By Rod Hunt, via Flickr and Illustration Portfolio
“The current understanding of the interior of Mars suggests that it can be modeled with a thin crust, similar to Earth’s, a mantle and a core.Using four parameters, the Martian core size and mass can be determined. However, only three out of the four are known and include the total mass, size of Mars, and the moment of inertia. Mass and size was determined accurately from early missions. The moment of inertia was determined from Viking lander and Pathfinder Doppler data, by measuring the precession rate of Mars. The fourth parameter, needed to complete the interior model, will be obtained from future spacecraft missions. With the three known parameters, the model is significantly constrained. If the Martian core is dense (composed of iron) similar to Earth’s or SNC meteorites thought to originate from Mars, then the minimum core radius would be about 1300 kilometers. If the core is made out of less-dense material such as a mixture of sulfur and iron, the maximum radius would probably be less than 2000 kilometers…”
“Traffic signs were introduced in 1900, but it was only in the 1950s that symbols are used generally for instructing the use of radios, tape recorders, wayfinding on train stations, subway stations and airports. The oldest symbol for instruction may be the pointing hand to indicate direction, but no date of origin is know. Second oldest will probably be the arrow (first preserved examples date from before 1750), first applied graphically to indicate the directions of the stream of rivers on maps. The symbolic arrow has developed as the most commonly used symbol of all, with a variation of meanings, such as indicating direction or movement. Symbols have been used for a long time in mathematics, chemistry, and later electronics. some of these symbols have found their ways into user instructions. Many instructive elements, such as reference lines and numbers or letters, find their origins in scientific illustrations: mathematics, medical books, starting at the end of the Middle Ages…”
It is interesting to see that the typical style which visual instructions and visual information have developed and which makes them so recognizable as a special category, has also had it’s influence on other media. It may have had it’s influence on comics, since some comics illustrators have occasionally also produced instructional illustrations. Other examples are commercials in a pictorial instruction style and video clips, such as the video clip that comes with the song Remind Me on the CD Melody A.M. from the Norwegian pop-group Röyksopp (2002), directed by Ludovic Houplan and Hervé de Crécy.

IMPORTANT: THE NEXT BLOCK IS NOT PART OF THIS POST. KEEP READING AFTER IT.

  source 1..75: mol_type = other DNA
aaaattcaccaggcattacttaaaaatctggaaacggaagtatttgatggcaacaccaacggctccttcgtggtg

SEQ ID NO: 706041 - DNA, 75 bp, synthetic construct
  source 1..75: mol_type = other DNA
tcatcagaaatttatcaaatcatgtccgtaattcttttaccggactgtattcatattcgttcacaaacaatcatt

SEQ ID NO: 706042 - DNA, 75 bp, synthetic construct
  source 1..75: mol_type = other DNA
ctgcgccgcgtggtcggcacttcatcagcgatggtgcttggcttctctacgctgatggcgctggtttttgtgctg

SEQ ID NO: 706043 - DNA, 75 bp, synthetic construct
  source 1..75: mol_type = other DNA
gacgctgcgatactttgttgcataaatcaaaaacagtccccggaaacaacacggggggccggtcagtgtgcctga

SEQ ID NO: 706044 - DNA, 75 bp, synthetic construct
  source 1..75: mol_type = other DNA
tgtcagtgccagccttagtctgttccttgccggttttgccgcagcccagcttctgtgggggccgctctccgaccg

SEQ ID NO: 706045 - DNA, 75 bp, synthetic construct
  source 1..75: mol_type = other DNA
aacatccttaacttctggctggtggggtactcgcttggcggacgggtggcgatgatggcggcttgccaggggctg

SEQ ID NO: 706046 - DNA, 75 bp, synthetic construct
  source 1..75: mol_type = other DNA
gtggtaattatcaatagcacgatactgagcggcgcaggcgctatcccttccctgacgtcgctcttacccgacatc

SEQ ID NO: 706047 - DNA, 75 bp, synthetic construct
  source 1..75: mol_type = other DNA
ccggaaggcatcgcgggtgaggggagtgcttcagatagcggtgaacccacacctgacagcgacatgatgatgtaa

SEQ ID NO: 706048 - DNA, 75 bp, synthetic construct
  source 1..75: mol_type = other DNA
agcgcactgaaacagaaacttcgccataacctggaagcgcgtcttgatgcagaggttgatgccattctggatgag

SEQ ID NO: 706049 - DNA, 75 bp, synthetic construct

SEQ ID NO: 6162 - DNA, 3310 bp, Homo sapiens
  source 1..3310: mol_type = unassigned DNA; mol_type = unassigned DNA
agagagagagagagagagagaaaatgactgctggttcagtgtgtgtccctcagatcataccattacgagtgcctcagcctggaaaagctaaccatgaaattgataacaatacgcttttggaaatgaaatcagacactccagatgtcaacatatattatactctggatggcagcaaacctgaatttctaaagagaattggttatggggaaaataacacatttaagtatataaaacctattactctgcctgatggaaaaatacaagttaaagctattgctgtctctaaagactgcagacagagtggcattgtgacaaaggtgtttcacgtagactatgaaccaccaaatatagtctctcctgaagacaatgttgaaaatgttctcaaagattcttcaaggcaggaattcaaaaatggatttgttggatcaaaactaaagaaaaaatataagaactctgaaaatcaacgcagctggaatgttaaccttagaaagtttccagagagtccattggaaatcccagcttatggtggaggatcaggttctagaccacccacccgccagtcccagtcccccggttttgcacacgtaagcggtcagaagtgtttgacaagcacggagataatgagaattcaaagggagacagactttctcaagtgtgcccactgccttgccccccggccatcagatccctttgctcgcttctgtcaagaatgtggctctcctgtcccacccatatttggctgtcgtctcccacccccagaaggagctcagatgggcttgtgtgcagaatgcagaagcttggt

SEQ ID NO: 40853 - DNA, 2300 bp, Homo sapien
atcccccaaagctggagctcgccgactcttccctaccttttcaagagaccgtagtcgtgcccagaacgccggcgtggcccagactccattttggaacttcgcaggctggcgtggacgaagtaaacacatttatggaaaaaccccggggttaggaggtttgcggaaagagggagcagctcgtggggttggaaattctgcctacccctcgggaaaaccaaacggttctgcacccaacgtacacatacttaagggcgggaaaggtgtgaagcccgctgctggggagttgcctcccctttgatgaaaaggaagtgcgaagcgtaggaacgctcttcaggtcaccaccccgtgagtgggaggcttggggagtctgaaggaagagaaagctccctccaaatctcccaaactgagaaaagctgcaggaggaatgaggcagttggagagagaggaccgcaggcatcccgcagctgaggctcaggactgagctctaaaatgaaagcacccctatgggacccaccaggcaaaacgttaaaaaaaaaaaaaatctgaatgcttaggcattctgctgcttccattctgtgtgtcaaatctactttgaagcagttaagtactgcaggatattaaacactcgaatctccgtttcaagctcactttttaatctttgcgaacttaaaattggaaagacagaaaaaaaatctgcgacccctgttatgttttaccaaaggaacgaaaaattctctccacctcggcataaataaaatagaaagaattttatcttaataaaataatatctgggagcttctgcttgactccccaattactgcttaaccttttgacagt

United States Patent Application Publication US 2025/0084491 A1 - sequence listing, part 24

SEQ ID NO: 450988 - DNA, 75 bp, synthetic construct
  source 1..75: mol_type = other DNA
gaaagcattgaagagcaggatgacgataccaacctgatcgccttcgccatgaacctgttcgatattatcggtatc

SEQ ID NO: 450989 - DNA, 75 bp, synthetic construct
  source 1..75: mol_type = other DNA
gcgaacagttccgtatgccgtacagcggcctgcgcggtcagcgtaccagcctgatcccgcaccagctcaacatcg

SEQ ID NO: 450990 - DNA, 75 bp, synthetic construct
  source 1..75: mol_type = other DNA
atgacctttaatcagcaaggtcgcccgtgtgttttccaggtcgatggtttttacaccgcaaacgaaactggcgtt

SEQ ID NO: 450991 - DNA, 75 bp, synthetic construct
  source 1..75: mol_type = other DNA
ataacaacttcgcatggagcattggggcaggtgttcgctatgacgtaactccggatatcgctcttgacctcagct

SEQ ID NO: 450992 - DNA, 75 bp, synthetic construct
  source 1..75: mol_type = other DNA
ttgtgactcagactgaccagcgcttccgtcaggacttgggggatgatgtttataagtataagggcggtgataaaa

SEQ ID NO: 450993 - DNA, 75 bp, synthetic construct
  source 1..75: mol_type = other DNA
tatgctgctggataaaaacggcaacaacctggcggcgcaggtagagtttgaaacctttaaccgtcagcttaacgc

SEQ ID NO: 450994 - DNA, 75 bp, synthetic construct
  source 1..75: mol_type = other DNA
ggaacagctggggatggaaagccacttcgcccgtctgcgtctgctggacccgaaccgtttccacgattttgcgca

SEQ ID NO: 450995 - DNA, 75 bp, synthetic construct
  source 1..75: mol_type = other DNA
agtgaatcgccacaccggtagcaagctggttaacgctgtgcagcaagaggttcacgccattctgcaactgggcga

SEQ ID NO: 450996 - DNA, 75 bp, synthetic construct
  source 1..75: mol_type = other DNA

Text from Idioms
When observing the Sun with appropriate filtration, the most immediately visible features are usually its sunspots, which are well-defined surface areas that appear darker than their surroundings because of lower temperatures. Sunspots are regions of intense magnetic activity where convection is inhibited by strong magnetic fields, reducing energy transport from the hot interior to the surface. The magnetic field gives rise to strong heating in the corona, forming active regions that are the source of intense solar flares and coronal mass ejections. The largest sunspots can be tens of thousands of kilometers across.
The number of sunspots visible on the Sun is not constant, but varies over an 11-year cycle known as the solar cycle. At a typical solar minimum, few sunspots are visible, and occasionally none at all can be seen. Those that do appear are at high solar latitudes. As the sunspot cycle progresses, the number of sunspots increases and they move closer to the equator of the Sun, a phenomenon described by Spörer’s law. Sunspots usually exist as pairs with opposite magnetic polarity. The magnetic polarity of the leading sunspot alternates every solar cycle, so that it will be a north magnetic pole in one solar cycle and a south magnetic pole in the next.